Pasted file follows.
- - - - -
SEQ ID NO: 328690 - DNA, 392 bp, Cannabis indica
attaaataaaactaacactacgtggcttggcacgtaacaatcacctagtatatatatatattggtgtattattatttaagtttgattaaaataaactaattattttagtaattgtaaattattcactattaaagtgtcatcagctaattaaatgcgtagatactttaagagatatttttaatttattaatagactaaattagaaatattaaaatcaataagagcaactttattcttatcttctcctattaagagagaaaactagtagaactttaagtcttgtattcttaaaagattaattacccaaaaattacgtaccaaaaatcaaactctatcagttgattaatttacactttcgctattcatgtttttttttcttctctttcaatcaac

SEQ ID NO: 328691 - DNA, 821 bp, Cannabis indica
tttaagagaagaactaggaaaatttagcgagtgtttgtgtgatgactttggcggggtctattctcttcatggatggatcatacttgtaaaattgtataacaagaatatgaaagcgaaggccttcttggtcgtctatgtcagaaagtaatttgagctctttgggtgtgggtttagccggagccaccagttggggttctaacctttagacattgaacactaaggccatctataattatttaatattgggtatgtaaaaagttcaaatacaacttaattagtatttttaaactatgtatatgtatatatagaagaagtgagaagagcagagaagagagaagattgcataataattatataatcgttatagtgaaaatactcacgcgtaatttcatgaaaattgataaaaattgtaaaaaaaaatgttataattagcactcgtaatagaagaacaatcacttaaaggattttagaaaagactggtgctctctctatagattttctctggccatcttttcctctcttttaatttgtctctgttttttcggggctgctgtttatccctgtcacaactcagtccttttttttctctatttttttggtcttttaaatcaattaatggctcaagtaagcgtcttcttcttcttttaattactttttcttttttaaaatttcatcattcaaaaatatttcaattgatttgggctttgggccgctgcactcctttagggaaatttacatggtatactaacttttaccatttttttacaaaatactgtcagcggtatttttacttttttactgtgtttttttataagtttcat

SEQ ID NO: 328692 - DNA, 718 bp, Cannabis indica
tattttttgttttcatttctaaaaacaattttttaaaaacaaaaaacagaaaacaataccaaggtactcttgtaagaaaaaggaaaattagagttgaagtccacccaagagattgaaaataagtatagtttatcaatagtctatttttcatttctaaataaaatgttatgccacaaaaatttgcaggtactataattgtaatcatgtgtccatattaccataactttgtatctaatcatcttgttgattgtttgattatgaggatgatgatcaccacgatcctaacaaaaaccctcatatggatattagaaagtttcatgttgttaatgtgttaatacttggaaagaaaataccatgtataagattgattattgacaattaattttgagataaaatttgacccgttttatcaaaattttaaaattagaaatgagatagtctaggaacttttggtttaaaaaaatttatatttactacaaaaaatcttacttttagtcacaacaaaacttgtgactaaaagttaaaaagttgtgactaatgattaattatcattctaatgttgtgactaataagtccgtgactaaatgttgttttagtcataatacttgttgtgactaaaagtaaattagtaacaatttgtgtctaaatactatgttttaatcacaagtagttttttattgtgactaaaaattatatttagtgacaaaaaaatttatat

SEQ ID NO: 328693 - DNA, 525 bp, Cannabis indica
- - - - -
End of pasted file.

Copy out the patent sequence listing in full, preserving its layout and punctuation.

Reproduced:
SEQ ID NO: 328690 - DNA, 392 bp, Cannabis indica
attaaataaaactaacactacgtggcttggcacgtaacaatcacctagtatatatatatattggtgtattattatttaagtttgattaaaataaactaattattttagtaattgtaaattattcactattaaagtgtcatcagctaattaaatgcgtagatactttaagagatatttttaatttattaatagactaaattagaaatattaaaatcaataagagcaactttattcttatcttctcctattaagagagaaaactagtagaactttaagtcttgtattcttaaaagattaattacccaaaaattacgtaccaaaaatcaaactctatcagttgattaatttacactttcgctattcatgtttttttttcttctctttcaatcaac

SEQ ID NO: 328691 - DNA, 821 bp, Cannabis indica
tttaagagaagaactaggaaaatttagcgagtgtttgtgtgatgactttggcggggtctattctcttcatggatggatcatacttgtaaaattgtataacaagaatatgaaagcgaaggccttcttggtcgtctatgtcagaaagtaatttgagctctttgggtgtgggtttagccggagccaccagttggggttctaacctttagacattgaacactaaggccatctataattatttaatattgggtatgtaaaaagttcaaatacaacttaattagtatttttaaactatgtatatgtatatatagaagaagtgagaagagcagagaagagagaagattgcataataattatataatcgttatagtgaaaatactcacgcgtaatttcatgaaaattgataaaaattgtaaaaaaaaatgttataattagcactcgtaatagaagaacaatcacttaaaggattttagaaaagactggtgctctctctatagattttctctggccatcttttcctctcttttaatttgtctctgttttttcggggctgctgtttatccctgtcacaactcagtccttttttttctctatttttttggtcttttaaatcaattaatggctcaagtaagcgtcttcttcttcttttaattactttttcttttttaaaatttcatcattcaaaaatatttcaattgatttgggctttgggccgctgcactcctttagggaaatttacatggtatactaacttttaccatttttttacaaaatactgtcagcggtatttttacttttttactgtgtttttttataagtttcat

SEQ ID NO: 328692 - DNA, 718 bp, Cannabis indica
tattttttgttttcatttctaaaaacaattttttaaaaacaaaaaacagaaaacaataccaaggtactcttgtaagaaaaaggaaaattagagttgaagtccacccaagagattgaaaataagtatagtttatcaatagtctatttttcatttctaaataaaatgttatgccacaaaaatttgcaggtactataattgtaatcatgtgtccatattaccataactttgtatctaatcatcttgttgattgtttgattatgaggatgatgatcaccacgatcctaacaaaaaccctcatatggatattagaaagtttcatgttgttaatgtgttaatacttggaaagaaaataccatgtataagattgattattgacaattaattttgagataaaatttgacccgttttatcaaaattttaaaattagaaatgagatagtctaggaacttttggtttaaaaaaatttatatttactacaaaaaatcttacttttagtcacaacaaaacttgtgactaaaagttaaaaagttgtgactaatgattaattatcattctaatgttgtgactaataagtccgtgactaaatgttgttttagtcataatacttgttgtgactaaaagtaaattagtaacaatttgtgtctaaatactatgttttaatcacaagtagttttttattgtgactaaaaattatatttagtgacaaaaaaatttatat

SEQ ID NO: 328693 - DNA, 525 bp, Cannabis indica